Anticipated ‘legacy’ benefits of increased adult participation in sports and exercise from the 2012 London Olympics and Paralympics have failed to materialise, a damning report from MPs has concluded.
The report, Grassroots participation in sport and physical activity, by the House of Commons Public Accounts Committee (PAC) concluded the proportion of adults participating in sport at least once a week actually fell in the first three years following the games.
The government committed to delivering a lasting legacy of increased sports participation as a result of the £8.8bn invested in the games but, according to committee chair Dame Meg Hillier MP, there has been “precious little to show by way of legacy”.
The report highlighted that in 2015 the government refocused its strategy on local-based approaches and the least active, having initially relied too heavily on a national event to deliver increased participation. But this change of tack has not yet resulted in any meaningful change in national participation rates.
Community sport and physical activity brought an estimated contribution of £85.5bn in social and economic benefits to England in 2017-2018, including £9.5bn from improved physical and mental health.
Exercise and wellbeing
Yet, despite Sport England spending an average of £323m each year since 2015, the Department for Digital, Culture, Media and Sport (DCMS) and Sport England have made little progress in tackling inequalities and the barriers to participation, the committee said.
Of £1.5bn in grants distributed by Sport England since 2016, it only knew where £450m went, and the percentage of active adults increased by only 1.2 percentage points from 2016 to 2019. Nearly two in five adults in England are still not meeting the chief medical officer’s guidelines for recommended activity.
Hillier said: “After the short-term financial boost there’s been precious little to show by way of legacy, even in my immediate area of East London where the 2012 Games were held.
“Resets since 2015 have not begun to bring the levelling-up benefits intended. The lack of vision and drive has seen Sport England pay out £1.5bn of taxpayers’ money without knowing where two-thirds of it went, and there’s a paltry 1.2% increase in active adults to show for it.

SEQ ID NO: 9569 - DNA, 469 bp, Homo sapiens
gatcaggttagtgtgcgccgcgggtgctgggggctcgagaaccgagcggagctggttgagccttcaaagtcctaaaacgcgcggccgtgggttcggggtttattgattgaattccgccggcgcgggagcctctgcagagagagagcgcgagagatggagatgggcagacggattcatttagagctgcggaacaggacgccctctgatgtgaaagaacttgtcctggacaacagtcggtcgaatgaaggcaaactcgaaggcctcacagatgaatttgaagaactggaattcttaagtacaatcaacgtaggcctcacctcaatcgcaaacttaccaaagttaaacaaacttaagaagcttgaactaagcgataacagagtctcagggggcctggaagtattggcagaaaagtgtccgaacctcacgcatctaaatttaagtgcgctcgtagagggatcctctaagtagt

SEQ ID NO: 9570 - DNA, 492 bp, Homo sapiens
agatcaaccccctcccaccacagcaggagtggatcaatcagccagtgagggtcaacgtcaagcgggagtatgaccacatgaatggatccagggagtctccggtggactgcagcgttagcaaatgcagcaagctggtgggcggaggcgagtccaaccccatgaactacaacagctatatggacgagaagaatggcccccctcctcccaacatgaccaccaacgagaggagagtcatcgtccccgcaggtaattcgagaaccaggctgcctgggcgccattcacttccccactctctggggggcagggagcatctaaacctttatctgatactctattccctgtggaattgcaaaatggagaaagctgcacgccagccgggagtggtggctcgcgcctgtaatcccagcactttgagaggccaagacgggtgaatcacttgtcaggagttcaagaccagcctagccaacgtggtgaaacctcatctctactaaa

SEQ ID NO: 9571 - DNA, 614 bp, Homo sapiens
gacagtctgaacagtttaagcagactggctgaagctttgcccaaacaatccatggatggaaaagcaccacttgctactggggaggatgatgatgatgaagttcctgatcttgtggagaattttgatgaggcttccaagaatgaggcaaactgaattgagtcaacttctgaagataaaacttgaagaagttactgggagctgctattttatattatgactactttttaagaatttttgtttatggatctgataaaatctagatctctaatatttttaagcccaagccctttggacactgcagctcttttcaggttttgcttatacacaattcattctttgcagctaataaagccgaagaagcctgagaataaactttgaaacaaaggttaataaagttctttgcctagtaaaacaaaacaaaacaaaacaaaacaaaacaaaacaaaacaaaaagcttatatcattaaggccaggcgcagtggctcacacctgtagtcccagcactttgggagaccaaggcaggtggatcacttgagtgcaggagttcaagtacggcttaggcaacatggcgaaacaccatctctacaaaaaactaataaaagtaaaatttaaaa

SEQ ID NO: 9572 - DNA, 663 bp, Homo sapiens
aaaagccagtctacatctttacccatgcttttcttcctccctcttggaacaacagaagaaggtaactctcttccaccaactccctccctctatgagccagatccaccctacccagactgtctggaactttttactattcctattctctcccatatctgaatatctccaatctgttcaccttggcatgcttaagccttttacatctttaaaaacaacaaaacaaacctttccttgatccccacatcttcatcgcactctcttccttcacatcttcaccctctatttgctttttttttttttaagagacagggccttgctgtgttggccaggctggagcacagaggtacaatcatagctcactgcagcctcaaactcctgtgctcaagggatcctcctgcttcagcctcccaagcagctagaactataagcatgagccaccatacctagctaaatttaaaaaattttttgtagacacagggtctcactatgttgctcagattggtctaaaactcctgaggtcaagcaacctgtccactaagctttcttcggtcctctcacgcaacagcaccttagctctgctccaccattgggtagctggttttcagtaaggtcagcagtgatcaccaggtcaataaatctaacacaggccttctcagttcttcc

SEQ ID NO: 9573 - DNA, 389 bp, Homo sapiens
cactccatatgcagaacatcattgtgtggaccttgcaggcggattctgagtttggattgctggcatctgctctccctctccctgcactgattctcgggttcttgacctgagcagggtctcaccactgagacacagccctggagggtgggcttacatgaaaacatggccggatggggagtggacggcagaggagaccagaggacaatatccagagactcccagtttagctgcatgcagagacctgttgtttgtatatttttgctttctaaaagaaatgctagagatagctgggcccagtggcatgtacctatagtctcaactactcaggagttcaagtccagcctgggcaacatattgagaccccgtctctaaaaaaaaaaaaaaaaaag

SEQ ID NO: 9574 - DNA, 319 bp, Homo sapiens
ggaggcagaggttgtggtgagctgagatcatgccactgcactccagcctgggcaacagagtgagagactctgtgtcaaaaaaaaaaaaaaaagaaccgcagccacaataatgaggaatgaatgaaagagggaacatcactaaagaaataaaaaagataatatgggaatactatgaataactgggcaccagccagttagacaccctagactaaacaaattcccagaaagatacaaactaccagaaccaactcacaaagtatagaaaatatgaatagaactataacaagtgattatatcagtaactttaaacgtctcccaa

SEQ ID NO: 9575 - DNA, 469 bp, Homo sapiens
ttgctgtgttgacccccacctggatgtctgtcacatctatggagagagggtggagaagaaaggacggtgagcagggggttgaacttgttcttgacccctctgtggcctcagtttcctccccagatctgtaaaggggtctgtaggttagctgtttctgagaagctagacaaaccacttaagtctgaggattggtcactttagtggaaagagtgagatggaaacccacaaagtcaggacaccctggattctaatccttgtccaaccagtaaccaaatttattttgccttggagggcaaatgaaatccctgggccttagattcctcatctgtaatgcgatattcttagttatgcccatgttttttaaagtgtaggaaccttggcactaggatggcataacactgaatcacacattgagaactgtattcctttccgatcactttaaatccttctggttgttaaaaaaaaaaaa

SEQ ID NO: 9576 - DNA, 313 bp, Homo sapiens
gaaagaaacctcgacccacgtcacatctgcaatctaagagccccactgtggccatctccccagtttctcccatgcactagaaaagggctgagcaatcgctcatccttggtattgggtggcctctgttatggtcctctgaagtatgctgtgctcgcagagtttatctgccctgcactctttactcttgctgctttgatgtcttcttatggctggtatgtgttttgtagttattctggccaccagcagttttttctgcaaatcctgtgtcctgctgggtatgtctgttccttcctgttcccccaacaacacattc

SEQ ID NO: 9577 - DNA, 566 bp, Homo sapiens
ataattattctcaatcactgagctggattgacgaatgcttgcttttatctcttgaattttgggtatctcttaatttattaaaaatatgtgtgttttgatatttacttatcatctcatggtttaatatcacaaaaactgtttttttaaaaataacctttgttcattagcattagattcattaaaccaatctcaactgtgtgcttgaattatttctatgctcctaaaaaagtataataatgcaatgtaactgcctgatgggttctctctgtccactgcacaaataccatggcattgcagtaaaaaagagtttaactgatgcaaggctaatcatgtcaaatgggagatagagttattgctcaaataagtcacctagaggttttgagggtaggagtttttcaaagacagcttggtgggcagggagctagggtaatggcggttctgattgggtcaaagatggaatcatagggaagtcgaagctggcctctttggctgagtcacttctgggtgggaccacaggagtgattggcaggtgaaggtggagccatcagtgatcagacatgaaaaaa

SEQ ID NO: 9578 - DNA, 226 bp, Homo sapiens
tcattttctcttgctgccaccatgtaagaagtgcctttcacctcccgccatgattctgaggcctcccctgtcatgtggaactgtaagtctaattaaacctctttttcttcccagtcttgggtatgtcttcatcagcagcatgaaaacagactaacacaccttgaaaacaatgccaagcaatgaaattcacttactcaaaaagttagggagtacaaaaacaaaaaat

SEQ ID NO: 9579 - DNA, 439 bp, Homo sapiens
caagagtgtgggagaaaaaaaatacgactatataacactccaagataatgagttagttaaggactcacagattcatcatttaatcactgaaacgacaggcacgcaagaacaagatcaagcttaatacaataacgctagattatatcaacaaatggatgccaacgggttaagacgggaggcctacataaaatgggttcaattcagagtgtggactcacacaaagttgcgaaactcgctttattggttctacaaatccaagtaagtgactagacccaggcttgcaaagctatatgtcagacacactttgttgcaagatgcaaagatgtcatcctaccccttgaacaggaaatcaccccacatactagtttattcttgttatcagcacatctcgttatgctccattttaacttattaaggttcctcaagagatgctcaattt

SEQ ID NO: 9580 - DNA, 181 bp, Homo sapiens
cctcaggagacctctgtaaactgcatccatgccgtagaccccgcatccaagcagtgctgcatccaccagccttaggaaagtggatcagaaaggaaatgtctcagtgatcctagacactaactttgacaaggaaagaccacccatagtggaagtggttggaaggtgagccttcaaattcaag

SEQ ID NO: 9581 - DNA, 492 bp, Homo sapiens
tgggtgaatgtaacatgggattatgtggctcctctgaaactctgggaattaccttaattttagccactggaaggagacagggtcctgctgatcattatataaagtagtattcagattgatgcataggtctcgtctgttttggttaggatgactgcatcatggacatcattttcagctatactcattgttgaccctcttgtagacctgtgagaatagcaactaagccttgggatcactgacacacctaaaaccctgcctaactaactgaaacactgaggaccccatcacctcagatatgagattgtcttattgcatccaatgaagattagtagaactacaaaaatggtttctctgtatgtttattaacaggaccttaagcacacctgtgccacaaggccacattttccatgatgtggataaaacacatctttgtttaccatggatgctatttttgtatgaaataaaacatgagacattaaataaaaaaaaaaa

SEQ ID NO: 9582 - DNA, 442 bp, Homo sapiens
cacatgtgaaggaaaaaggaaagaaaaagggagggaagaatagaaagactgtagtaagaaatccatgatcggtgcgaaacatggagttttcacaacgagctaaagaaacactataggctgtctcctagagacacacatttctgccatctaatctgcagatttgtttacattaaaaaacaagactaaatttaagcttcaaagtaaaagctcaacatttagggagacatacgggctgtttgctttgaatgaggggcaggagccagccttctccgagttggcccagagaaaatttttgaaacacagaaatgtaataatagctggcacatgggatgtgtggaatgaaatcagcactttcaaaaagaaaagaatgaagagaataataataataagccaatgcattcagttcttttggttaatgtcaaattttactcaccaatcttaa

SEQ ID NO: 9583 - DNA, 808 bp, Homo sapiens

“More waste, more loss of desperately needed public money. As the cost-of-living crisis bites hard, DCMS must set out what it will do differently to achieve change where it has not succeeded,” she added.
Lead PAC member Nick Smith MP said: “Gyms and parks will be flooded this January with people resolving to get a bit fitter and more active; we should be better equipped to capture this enthusiasm and support grassroots sports and more active lifestyles throughout the year.
“The committee has challenged Sports England to overcome the barriers that prevent people from having the motivation, confidence and opportunity to get active.
“There are good practice examples such as parkrun, which could be part of the answer. Coming up with a mix of sporting opportunities which are affordable, local and inclusive could help people sustain their activities into February and through the rest of the year,” he added.
Increasing activity levels had the potential to deliver financial savings across government through a healthier population and improvements in wellbeing, the report highlighted. But both DCMS and Sport England had “made little progress in tackling inequalities and barriers to people participating in sport and physical activity”.
DCMS, the report argued, lacked “a compelling vision” for integrating physical activity into everyday life. “We are not convinced that its approach to working with wider government and industry is effective,” the report said.
“The Department must urgently work with the Department for Levelling-Up, Housing and Communities and other partners to address the financial sustainability and condition of the nation’s leisure centre stock.
“Looking ahead, it will be essential that the Department’s new strategy focuses on addressing the motivation, confidence and opportunity barriers to people participating in sport and physical activity, particularly among the most inactive groups, and sets out what it will do differently to achieve change where it has not so far succeeded,” it added.